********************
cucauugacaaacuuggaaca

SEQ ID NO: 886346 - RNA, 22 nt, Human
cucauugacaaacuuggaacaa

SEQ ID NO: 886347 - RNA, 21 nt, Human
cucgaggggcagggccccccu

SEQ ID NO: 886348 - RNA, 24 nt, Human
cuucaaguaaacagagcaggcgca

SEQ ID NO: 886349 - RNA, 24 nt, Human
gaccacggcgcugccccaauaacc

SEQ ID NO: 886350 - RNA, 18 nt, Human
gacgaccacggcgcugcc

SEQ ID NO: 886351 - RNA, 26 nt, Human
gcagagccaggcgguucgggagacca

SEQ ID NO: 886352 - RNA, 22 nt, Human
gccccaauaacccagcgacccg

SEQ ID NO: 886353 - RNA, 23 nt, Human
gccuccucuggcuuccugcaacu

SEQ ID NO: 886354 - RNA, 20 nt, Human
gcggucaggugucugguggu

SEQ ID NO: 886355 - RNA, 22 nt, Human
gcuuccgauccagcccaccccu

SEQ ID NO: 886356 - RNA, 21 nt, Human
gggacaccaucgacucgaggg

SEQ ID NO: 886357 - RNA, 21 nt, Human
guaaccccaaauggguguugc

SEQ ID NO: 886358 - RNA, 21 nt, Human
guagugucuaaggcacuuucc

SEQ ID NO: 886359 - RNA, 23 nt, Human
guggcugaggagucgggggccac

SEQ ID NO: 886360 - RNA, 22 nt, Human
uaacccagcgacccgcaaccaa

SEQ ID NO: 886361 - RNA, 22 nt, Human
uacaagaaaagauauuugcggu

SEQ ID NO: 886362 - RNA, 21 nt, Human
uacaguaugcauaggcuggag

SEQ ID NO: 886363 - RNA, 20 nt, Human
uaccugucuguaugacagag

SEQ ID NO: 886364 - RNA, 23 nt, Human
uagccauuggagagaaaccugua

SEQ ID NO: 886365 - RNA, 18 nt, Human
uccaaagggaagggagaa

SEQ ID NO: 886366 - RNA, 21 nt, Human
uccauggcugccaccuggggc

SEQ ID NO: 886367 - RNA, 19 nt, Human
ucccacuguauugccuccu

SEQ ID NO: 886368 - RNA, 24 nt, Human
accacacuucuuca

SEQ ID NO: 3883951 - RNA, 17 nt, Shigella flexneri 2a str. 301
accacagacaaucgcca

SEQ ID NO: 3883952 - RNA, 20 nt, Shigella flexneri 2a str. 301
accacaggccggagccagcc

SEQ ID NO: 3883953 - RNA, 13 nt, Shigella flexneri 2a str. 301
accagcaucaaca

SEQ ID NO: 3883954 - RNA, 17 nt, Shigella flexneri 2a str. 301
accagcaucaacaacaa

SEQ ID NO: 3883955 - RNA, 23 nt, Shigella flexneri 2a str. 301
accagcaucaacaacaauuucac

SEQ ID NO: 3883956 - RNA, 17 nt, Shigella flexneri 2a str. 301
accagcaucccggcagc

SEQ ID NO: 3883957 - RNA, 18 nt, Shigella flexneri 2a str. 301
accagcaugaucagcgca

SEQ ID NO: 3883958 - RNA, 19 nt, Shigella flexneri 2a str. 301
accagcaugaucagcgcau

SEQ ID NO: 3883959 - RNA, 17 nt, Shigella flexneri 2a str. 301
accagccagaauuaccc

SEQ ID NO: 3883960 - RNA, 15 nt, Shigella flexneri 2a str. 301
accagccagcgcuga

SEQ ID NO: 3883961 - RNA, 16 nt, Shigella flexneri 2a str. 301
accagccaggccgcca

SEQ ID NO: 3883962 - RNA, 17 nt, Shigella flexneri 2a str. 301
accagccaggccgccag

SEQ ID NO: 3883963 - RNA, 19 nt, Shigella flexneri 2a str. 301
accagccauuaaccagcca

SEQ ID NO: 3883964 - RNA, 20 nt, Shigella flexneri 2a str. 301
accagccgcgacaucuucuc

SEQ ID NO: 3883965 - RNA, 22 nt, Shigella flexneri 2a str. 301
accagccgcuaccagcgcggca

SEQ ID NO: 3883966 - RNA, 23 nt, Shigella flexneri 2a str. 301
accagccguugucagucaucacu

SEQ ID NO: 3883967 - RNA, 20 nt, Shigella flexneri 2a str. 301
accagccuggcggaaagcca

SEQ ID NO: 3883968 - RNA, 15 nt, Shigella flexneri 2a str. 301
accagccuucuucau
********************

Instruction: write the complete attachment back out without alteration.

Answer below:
cucauugacaaacuuggaaca

SEQ ID NO: 886346 - RNA, 22 nt, Human
cucauugacaaacuuggaacaa

SEQ ID NO: 886347 - RNA, 21 nt, Human
cucgaggggcagggccccccu

SEQ ID NO: 886348 - RNA, 24 nt, Human
cuucaaguaaacagagcaggcgca

SEQ ID NO: 886349 - RNA, 24 nt, Human
gaccacggcgcugccccaauaacc

SEQ ID NO: 886350 - RNA, 18 nt, Human
gacgaccacggcgcugcc

SEQ ID NO: 886351 - RNA, 26 nt, Human
gcagagccaggcgguucgggagacca

SEQ ID NO: 886352 - RNA, 22 nt, Human
gccccaauaacccagcgacccg

SEQ ID NO: 886353 - RNA, 23 nt, Human
gccuccucuggcuuccugcaacu

SEQ ID NO: 886354 - RNA, 20 nt, Human
gcggucaggugucugguggu

SEQ ID NO: 886355 - RNA, 22 nt, Human
gcuuccgauccagcccaccccu

SEQ ID NO: 886356 - RNA, 21 nt, Human
gggacaccaucgacucgaggg

SEQ ID NO: 886357 - RNA, 21 nt, Human
guaaccccaaauggguguugc

SEQ ID NO: 886358 - RNA, 21 nt, Human
guagugucuaaggcacuuucc

SEQ ID NO: 886359 - RNA, 23 nt, Human
guggcugaggagucgggggccac

SEQ ID NO: 886360 - RNA, 22 nt, Human
uaacccagcgacccgcaaccaa

SEQ ID NO: 886361 - RNA, 22 nt, Human
uacaagaaaagauauuugcggu

SEQ ID NO: 886362 - RNA, 21 nt, Human
uacaguaugcauaggcuggag

SEQ ID NO: 886363 - RNA, 20 nt, Human
uaccugucuguaugacagag

SEQ ID NO: 886364 - RNA, 23 nt, Human
uagccauuggagagaaaccugua

SEQ ID NO: 886365 - RNA, 18 nt, Human
uccaaagggaagggagaa

SEQ ID NO: 886366 - RNA, 21 nt, Human
uccauggcugccaccuggggc

SEQ ID NO: 886367 - RNA, 19 nt, Human
ucccacuguauugccuccu

SEQ ID NO: 886368 - RNA, 24 nt, Human
accacacuucuuca

SEQ ID NO: 3883951 - RNA, 17 nt, Shigella flexneri 2a str. 301
accacagacaaucgcca

SEQ ID NO: 3883952 - RNA, 20 nt, Shigella flexneri 2a str. 301
accacaggccggagccagcc

SEQ ID NO: 3883953 - RNA, 13 nt, Shigella flexneri 2a str. 301
accagcaucaaca

SEQ ID NO: 3883954 - RNA, 17 nt, Shigella flexneri 2a str. 301
accagcaucaacaacaa

SEQ ID NO: 3883955 - RNA, 23 nt, Shigella flexneri 2a str. 301
accagcaucaacaacaauuucac

SEQ ID NO: 3883956 - RNA, 17 nt, Shigella flexneri 2a str. 301
accagcaucccggcagc

SEQ ID NO: 3883957 - RNA, 18 nt, Shigella flexneri 2a str. 301
accagcaugaucagcgca

SEQ ID NO: 3883958 - RNA, 19 nt, Shigella flexneri 2a str. 301
accagcaugaucagcgcau

SEQ ID NO: 3883959 - RNA, 17 nt, Shigella flexneri 2a str. 301
accagccagaauuaccc

SEQ ID NO: 3883960 - RNA, 15 nt, Shigella flexneri 2a str. 301
accagccagcgcuga

SEQ ID NO: 3883961 - RNA, 16 nt, Shigella flexneri 2a str. 301
accagccaggccgcca

SEQ ID NO: 3883962 - RNA, 17 nt, Shigella flexneri 2a str. 301
accagccaggccgccag

SEQ ID NO: 3883963 - RNA, 19 nt, Shigella flexneri 2a str. 301
accagccauuaaccagcca

SEQ ID NO: 3883964 - RNA, 20 nt, Shigella flexneri 2a str. 301
accagccgcgacaucuucuc

SEQ ID NO: 3883965 - RNA, 22 nt, Shigella flexneri 2a str. 301
accagccgcuaccagcgcggca

SEQ ID NO: 3883966 - RNA, 23 nt, Shigella flexneri 2a str. 301
accagccguugucagucaucacu

SEQ ID NO: 3883967 - RNA, 20 nt, Shigella flexneri 2a str. 301
accagccuggcggaaagcca

SEQ ID NO: 3883968 - RNA, 15 nt, Shigella flexneri 2a str. 301
accagccuucuucau